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Spanish police dismantle international drug smuggling ring

May 1, 2017  |  Posted by: Francesca Falzarano
Spanish police dismantle international drug smuggling ring

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Authorities in Spain have disrupted an international drug smuggling ring that utilized high-powered speedboats to transport drugs into Europe by the ton.

Police in Spain and Morocco apprehended thirty members of the criminal outfit dubbed “The Chestnuts,” which are the biggest hash-smugglers in the Spanish province that borders Gibraltar.

The gang used small boats, equipped with 300 horsepower outboard engines, to move the drugs into the country, according to to the Daily Mail.

Each boat had the ability to move three tons of hash, which is a popular type of cannabis.

In a joint operation involving 150 police officers in Spain and Morocco, busted thirty members of the drug ring

The gangsters then used the profits to pay for a lavish lifestyle, purchasing expensive villas, cars and staying in luxury hotels.

Investigators seized 350,000 euros, 16 vehicles, several firearms, and 17 properties worth approximately three million euros across southern Spain and Morocco.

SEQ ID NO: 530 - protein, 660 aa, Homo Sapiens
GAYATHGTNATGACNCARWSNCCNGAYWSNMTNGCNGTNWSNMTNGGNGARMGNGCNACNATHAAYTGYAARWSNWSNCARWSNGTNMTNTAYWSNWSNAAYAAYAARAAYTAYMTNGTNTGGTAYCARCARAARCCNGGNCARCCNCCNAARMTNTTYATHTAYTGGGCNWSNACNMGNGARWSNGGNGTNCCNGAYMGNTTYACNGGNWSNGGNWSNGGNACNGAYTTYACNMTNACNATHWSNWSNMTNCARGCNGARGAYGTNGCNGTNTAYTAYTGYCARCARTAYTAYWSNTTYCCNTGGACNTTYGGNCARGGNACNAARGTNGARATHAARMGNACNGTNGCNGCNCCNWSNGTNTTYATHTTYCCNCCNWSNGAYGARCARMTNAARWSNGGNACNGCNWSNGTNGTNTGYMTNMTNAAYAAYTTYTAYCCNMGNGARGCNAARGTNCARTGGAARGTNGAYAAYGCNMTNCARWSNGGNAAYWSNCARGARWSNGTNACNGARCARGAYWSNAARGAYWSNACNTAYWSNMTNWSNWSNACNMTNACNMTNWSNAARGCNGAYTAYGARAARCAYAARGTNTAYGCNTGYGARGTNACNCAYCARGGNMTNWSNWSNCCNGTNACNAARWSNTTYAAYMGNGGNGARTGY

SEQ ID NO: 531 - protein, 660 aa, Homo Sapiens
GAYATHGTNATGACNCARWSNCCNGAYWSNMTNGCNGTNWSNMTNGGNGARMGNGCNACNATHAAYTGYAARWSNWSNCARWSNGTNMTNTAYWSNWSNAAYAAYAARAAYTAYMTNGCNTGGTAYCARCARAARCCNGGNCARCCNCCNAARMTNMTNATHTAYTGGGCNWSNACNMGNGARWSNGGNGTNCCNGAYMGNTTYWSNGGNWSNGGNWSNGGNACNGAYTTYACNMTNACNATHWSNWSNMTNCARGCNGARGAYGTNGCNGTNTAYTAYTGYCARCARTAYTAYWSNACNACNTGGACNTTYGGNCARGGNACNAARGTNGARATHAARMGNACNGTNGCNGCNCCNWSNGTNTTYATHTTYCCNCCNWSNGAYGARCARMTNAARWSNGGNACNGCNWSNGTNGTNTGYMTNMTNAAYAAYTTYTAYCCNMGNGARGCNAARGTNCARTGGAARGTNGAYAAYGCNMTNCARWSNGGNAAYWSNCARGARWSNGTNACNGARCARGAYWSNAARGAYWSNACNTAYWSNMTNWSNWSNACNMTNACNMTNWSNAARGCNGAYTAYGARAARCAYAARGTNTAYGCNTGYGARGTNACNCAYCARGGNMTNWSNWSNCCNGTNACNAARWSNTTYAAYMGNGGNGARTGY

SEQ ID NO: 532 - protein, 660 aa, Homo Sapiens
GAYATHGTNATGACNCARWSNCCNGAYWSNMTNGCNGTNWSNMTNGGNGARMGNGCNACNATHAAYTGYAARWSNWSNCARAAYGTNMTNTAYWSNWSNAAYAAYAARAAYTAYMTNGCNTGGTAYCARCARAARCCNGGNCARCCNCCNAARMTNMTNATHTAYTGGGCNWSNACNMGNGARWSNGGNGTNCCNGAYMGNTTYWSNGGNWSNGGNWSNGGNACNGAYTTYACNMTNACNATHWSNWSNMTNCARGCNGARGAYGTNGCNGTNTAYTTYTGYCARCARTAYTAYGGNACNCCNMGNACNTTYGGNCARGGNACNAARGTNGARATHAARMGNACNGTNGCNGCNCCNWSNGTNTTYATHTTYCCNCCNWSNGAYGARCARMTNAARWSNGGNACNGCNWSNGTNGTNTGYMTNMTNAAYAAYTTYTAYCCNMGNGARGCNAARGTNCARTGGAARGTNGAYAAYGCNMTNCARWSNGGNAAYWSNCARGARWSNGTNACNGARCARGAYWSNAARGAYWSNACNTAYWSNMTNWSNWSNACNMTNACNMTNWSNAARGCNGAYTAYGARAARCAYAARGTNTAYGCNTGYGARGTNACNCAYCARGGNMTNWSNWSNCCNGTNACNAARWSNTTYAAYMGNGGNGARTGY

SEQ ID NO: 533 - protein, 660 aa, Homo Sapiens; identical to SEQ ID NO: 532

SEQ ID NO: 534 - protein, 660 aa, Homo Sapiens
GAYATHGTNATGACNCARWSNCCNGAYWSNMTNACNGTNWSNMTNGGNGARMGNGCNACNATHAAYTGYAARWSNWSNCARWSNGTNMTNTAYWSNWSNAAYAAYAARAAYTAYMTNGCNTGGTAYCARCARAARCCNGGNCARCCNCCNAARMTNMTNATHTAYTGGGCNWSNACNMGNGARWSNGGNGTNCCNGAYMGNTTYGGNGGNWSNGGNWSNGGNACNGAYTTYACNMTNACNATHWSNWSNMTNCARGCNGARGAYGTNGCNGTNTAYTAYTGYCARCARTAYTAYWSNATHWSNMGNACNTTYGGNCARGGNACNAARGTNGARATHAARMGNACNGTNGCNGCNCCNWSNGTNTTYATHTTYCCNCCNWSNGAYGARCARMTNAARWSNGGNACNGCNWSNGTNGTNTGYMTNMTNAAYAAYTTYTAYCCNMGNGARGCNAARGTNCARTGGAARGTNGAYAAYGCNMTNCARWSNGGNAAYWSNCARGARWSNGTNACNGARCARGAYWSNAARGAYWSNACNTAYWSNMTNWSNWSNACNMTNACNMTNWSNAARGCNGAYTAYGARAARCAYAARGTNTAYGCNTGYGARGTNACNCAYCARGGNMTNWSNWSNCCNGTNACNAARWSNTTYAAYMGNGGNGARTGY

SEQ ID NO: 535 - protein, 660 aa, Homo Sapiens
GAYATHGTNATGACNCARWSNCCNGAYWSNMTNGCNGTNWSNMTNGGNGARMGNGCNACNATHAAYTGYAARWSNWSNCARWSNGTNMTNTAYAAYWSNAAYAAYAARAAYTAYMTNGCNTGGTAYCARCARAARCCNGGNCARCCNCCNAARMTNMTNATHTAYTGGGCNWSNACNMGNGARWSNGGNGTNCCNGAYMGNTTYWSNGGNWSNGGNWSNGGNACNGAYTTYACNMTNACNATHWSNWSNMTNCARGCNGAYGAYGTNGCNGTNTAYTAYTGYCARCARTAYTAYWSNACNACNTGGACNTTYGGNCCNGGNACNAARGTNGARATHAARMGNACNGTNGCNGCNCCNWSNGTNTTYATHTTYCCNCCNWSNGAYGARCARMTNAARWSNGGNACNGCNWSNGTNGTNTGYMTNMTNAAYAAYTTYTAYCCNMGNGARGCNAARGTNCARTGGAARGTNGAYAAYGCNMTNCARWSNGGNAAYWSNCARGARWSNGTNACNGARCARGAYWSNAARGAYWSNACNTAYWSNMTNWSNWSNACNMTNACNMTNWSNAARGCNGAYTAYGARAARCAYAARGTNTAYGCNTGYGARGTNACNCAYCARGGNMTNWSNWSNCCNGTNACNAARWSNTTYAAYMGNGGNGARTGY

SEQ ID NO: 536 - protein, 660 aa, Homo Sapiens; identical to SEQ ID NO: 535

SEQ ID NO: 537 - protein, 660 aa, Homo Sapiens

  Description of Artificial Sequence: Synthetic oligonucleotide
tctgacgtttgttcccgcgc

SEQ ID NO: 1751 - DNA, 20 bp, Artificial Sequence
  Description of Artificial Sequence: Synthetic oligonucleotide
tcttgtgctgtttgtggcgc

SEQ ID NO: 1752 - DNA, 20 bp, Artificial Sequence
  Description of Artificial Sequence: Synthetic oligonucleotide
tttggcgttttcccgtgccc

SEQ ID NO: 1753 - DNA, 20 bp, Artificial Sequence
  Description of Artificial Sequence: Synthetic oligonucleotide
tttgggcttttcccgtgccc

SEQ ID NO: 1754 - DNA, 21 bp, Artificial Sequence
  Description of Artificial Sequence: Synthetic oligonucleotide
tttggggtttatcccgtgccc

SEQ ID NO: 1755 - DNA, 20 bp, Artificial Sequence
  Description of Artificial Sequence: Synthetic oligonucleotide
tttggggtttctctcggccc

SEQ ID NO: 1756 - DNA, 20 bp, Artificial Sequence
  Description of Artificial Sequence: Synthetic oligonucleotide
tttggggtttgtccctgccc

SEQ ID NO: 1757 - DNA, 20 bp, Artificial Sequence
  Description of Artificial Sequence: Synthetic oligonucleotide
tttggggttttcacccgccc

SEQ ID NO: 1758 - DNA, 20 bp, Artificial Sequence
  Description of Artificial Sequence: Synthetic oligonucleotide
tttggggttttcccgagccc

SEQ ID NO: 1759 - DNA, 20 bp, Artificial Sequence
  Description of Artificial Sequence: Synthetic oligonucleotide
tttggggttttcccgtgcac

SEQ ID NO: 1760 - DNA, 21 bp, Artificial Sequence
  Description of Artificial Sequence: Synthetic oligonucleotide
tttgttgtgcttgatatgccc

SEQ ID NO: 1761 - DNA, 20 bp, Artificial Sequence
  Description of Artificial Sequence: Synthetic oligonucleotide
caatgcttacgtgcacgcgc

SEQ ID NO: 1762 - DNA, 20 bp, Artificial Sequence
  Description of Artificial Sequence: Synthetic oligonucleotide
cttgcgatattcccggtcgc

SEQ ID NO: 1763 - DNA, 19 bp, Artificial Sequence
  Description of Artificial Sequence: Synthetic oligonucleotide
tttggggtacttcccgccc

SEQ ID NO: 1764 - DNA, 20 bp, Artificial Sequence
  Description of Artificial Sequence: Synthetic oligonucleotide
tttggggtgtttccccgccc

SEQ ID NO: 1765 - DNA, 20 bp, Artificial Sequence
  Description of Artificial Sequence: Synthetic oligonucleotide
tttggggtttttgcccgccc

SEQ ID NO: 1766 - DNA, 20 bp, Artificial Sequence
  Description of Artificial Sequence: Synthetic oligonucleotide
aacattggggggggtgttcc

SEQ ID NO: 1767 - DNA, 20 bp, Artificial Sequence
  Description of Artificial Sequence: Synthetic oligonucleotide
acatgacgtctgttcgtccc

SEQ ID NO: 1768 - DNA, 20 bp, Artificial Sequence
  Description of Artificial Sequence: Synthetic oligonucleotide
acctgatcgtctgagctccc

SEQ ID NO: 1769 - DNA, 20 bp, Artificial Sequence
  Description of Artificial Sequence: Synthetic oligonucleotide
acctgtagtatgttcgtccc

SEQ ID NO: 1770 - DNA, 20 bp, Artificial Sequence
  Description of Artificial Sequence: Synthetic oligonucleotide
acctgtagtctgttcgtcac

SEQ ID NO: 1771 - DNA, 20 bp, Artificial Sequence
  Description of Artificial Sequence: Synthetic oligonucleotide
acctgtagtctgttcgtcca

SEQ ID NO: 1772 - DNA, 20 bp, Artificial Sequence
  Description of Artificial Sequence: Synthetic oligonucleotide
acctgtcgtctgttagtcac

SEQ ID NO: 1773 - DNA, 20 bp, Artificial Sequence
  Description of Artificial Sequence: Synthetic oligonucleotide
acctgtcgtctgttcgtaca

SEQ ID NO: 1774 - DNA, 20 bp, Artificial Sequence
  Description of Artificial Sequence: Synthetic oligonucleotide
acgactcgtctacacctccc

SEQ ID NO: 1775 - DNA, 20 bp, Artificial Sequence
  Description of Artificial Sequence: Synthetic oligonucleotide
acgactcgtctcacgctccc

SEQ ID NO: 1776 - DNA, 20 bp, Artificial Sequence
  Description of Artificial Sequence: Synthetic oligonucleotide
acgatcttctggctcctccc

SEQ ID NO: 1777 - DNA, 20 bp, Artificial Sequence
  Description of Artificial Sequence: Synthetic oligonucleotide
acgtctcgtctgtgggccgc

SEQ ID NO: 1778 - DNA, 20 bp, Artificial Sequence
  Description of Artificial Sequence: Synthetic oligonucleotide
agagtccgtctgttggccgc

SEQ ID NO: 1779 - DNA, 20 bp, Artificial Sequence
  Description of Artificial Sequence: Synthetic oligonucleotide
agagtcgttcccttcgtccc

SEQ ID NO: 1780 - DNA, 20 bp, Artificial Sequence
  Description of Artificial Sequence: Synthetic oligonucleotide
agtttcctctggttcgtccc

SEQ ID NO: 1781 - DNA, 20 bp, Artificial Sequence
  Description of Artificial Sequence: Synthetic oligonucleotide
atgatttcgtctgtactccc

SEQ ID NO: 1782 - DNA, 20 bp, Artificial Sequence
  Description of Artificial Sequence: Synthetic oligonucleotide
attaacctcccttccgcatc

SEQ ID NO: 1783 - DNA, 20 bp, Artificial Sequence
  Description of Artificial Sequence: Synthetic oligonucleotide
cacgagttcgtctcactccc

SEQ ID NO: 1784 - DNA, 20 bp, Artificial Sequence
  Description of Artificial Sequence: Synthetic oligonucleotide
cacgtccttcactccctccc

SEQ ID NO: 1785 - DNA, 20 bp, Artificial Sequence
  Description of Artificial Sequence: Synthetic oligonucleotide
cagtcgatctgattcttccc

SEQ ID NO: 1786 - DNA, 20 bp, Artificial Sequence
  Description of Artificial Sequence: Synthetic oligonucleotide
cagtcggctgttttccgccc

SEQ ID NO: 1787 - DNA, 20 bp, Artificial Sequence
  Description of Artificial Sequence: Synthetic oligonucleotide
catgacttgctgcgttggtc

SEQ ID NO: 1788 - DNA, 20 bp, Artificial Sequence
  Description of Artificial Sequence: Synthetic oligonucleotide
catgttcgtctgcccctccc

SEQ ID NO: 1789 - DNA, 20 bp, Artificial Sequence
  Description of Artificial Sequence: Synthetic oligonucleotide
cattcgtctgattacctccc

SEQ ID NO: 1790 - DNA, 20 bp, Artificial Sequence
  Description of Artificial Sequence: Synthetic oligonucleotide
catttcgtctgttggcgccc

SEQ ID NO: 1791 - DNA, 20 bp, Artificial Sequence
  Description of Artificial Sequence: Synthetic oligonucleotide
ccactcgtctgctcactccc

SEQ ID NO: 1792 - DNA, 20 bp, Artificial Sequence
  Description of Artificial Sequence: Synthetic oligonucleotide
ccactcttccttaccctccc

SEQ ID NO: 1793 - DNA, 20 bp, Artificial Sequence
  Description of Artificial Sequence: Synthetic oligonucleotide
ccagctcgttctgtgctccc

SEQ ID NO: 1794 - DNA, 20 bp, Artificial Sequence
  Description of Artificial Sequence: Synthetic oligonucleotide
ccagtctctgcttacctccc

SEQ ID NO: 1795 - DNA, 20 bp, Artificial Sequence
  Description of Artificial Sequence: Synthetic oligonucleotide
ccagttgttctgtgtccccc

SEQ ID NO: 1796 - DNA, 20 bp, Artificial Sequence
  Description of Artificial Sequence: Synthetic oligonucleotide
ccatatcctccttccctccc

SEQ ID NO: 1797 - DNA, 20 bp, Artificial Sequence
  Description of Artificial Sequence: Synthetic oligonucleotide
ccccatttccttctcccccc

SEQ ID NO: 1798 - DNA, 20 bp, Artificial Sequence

One ton of hash was also discovered, and 24 bank accounts were closed.

The international drug smuggling ring even used infant cots to conceal some of their illicit proceeds.

The group had a comprehensive infrastructure that gave them the ability to distribute tons of hash to other criminal gangs in Linea de Concepcion, the Spanish town located close to Gibraltarian border.

In a statement, Spanish police said: “The drivers carrying the narcotic would take them to hiding places, known as coves or nurseries. They had been ordered to attack any vehicle that attempted to intercept them, whether police or drug dealers. ”

The operation involved over 150 officers in Morocco and Spain.

Heavily-armed agents, backed by a helicopter with an infrared camera, were filmed as they raided one of the residences.

A spokesperson for the Royal Gibraltar Police said that while they were not involved in the probe, they would be “eager and keen” to assist if needed.

Spain is a common destination for drugs arriving in Europe because of its proximity to Africa, long shorelines, and language similarity with Latin America.

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